Coppélia: Behind the Doll’s Mask

Photo of Adeline Genée in Coppélia, London, 1900.
Public domain

To many, Coppélia rates as little more than a pretty ballet, perfect to take children to, as indeed it is.  However as part of the story of ballet it sits at a major crossroads, not only in the history of ballet and its development, but also at a turbulent time in Europe’s history.  Coppélia is the last masterpiece of the Ballet of the Second Empire.  Its true story is one of poignancy and great sadness, yet its sunny legacy lives on – proof of its choreographer Arthur Saint-Léon’s genius and also that of the composer Léo Delibes. 

By looking behind the doll’s mask, the true story unfolds of how of Coppélia was brought to life at its première in Paris in 1870.  It is a story that took over six years from inception to completion just months before the start of the Franco-Prussian war engulfed all those involved.  Based on two of ETA Hoffmann’s stories, Der Sandmann (The Sandman), and Die Puppe (The Doll), the libretto also wove in the new fascination for automatons and the possibility of robots, something that has captured the imagination for centuries: Leonardo da Vinci sketched a complex automaton in 1495 – the design was rediscovered in the 1950s and if built successfully, could move its arms, twist its head, and sit up.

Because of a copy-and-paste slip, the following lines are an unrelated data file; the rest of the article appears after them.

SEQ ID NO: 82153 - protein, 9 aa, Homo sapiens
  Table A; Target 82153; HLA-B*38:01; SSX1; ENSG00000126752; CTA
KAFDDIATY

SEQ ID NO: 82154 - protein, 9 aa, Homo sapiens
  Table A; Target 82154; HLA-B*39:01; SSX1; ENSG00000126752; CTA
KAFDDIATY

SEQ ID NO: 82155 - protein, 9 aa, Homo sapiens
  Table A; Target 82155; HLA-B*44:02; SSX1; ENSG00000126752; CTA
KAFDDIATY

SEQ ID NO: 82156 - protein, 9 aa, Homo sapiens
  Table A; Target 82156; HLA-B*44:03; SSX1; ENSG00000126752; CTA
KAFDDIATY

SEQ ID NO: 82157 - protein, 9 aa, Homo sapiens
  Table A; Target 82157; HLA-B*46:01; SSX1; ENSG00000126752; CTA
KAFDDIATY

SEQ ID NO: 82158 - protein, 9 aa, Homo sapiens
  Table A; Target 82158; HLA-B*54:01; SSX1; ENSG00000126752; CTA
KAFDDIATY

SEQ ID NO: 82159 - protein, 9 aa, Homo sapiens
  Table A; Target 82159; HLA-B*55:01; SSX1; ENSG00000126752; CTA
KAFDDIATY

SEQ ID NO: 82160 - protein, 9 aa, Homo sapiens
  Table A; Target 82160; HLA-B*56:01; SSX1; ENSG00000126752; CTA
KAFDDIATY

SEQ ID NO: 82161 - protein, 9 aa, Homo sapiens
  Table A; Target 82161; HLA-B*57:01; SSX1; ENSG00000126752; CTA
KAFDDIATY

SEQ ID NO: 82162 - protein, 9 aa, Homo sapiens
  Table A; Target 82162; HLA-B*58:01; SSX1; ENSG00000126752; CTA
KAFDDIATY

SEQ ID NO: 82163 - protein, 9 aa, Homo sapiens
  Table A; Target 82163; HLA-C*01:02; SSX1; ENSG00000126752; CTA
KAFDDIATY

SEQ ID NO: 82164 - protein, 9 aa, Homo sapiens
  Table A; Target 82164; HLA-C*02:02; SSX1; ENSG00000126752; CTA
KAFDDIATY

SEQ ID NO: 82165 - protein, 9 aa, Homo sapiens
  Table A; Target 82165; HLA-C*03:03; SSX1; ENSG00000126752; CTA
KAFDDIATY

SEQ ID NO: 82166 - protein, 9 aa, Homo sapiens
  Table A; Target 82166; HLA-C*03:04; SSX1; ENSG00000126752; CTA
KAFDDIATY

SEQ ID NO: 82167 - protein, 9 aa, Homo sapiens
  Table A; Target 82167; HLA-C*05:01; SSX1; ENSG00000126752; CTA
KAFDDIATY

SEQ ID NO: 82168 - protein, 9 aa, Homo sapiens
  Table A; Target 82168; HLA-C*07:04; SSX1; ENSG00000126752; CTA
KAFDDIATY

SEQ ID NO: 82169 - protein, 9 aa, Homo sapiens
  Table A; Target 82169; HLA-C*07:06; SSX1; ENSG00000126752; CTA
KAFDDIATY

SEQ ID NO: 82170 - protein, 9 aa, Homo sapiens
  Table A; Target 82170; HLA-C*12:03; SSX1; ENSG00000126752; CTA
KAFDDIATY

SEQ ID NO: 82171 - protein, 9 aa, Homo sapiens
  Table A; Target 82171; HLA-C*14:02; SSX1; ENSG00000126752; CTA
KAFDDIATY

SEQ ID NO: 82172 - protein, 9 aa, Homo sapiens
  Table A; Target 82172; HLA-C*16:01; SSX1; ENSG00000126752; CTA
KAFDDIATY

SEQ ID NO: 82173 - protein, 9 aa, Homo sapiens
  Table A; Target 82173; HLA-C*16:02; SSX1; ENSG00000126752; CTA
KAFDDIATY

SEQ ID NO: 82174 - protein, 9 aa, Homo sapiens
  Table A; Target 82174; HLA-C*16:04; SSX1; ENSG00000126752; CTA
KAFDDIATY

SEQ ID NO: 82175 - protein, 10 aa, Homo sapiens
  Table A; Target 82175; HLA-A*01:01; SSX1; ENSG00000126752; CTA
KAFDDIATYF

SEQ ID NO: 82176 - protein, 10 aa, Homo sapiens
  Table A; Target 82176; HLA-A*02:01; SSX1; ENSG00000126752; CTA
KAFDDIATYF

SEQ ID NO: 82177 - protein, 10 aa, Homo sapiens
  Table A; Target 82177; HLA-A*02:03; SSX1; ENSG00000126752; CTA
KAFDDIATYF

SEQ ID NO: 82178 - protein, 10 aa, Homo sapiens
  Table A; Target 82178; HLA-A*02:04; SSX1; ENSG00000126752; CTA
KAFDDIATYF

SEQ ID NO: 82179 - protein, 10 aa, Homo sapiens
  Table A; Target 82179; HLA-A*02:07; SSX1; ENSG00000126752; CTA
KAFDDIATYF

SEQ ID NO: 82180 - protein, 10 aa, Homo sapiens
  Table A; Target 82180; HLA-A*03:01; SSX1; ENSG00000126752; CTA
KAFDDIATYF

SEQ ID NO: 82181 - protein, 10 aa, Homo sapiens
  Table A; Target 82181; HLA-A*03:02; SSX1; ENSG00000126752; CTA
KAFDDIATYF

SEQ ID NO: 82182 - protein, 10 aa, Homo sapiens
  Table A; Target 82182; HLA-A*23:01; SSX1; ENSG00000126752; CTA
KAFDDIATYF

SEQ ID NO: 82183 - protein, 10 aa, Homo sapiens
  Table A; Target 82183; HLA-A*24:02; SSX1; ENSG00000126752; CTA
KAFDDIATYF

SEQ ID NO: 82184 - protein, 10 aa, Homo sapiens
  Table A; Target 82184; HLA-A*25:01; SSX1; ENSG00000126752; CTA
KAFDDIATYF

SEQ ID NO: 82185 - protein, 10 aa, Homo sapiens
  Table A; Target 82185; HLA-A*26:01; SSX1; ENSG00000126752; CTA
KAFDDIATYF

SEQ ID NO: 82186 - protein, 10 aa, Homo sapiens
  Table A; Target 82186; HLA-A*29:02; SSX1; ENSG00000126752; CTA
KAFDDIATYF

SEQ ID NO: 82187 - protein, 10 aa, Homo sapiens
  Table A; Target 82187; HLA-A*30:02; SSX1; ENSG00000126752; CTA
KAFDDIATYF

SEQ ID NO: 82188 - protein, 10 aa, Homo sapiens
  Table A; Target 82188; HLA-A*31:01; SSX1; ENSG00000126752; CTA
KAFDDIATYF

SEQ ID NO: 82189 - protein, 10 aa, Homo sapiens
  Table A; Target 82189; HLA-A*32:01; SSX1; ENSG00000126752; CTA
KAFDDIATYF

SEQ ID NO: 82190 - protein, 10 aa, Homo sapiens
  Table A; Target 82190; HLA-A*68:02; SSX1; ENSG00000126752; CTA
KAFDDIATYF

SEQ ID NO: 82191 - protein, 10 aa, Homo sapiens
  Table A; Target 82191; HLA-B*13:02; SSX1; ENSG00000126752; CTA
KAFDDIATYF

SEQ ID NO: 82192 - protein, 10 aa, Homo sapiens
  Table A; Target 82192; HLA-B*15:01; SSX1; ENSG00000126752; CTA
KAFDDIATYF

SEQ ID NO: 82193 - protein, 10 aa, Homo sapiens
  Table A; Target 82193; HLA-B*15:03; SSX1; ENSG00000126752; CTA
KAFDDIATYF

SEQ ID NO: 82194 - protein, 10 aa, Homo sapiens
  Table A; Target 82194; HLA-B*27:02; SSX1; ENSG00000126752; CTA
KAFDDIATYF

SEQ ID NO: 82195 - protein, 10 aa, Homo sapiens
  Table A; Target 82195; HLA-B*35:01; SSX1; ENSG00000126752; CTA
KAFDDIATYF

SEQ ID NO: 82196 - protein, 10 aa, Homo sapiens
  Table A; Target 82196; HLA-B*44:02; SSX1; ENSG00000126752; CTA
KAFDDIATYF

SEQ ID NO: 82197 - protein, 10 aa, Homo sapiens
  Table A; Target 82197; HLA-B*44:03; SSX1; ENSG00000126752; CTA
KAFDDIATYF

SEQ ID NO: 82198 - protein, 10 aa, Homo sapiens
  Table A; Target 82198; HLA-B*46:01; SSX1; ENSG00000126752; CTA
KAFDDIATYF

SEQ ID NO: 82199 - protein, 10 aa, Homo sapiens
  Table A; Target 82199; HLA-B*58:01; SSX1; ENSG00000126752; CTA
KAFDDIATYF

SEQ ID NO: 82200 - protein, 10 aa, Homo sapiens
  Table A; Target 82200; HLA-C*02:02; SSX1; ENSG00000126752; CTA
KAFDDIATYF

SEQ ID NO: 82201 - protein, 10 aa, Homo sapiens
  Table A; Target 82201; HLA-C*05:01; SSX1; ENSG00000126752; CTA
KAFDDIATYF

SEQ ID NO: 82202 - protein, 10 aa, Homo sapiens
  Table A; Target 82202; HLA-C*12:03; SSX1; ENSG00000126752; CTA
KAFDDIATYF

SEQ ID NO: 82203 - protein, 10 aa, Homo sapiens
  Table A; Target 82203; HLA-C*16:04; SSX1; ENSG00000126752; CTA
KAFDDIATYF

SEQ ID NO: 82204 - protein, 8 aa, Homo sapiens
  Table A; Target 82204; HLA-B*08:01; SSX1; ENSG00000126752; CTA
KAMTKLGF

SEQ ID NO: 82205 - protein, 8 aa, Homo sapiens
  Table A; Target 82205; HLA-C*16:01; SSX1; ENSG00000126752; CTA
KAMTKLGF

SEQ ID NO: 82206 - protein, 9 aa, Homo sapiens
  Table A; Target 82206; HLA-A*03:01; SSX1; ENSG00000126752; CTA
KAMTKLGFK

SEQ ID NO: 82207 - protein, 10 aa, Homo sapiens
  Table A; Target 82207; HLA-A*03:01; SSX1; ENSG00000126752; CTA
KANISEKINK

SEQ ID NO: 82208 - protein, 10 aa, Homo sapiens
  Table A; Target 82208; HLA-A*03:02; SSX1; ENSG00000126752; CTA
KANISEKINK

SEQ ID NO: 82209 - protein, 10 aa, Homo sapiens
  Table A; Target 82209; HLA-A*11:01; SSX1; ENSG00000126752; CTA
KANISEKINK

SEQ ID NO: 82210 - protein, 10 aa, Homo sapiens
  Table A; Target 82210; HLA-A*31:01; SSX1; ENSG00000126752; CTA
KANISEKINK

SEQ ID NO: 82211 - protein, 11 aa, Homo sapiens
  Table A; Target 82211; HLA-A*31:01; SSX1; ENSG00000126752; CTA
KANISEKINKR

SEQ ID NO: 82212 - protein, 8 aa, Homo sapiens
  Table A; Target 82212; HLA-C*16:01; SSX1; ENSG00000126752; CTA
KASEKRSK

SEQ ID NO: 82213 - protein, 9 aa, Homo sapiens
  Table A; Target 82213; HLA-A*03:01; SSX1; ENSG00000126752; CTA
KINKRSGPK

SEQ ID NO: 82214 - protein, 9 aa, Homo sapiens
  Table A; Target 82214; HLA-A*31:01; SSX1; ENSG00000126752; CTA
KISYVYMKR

Coppélia has continued to be re-imagined by choreographers including Marius Petipa and Enrico Cecchetti – this is the version still in the repertory The Royal Ballet – to versions by George Balanchine and Roland Petit, and a more recent contemporary version by Maguy Marin for the Lyons Opera Ballet.  This story weaves together the fascinating lives of those involved with its first creation, through the prism of a major European war, to its enduring story today over 140 years later.

Presentation: this presentation is illustrated by PowerPoint slides, along with archive film clips and DVDs shown to illustrate the topic.

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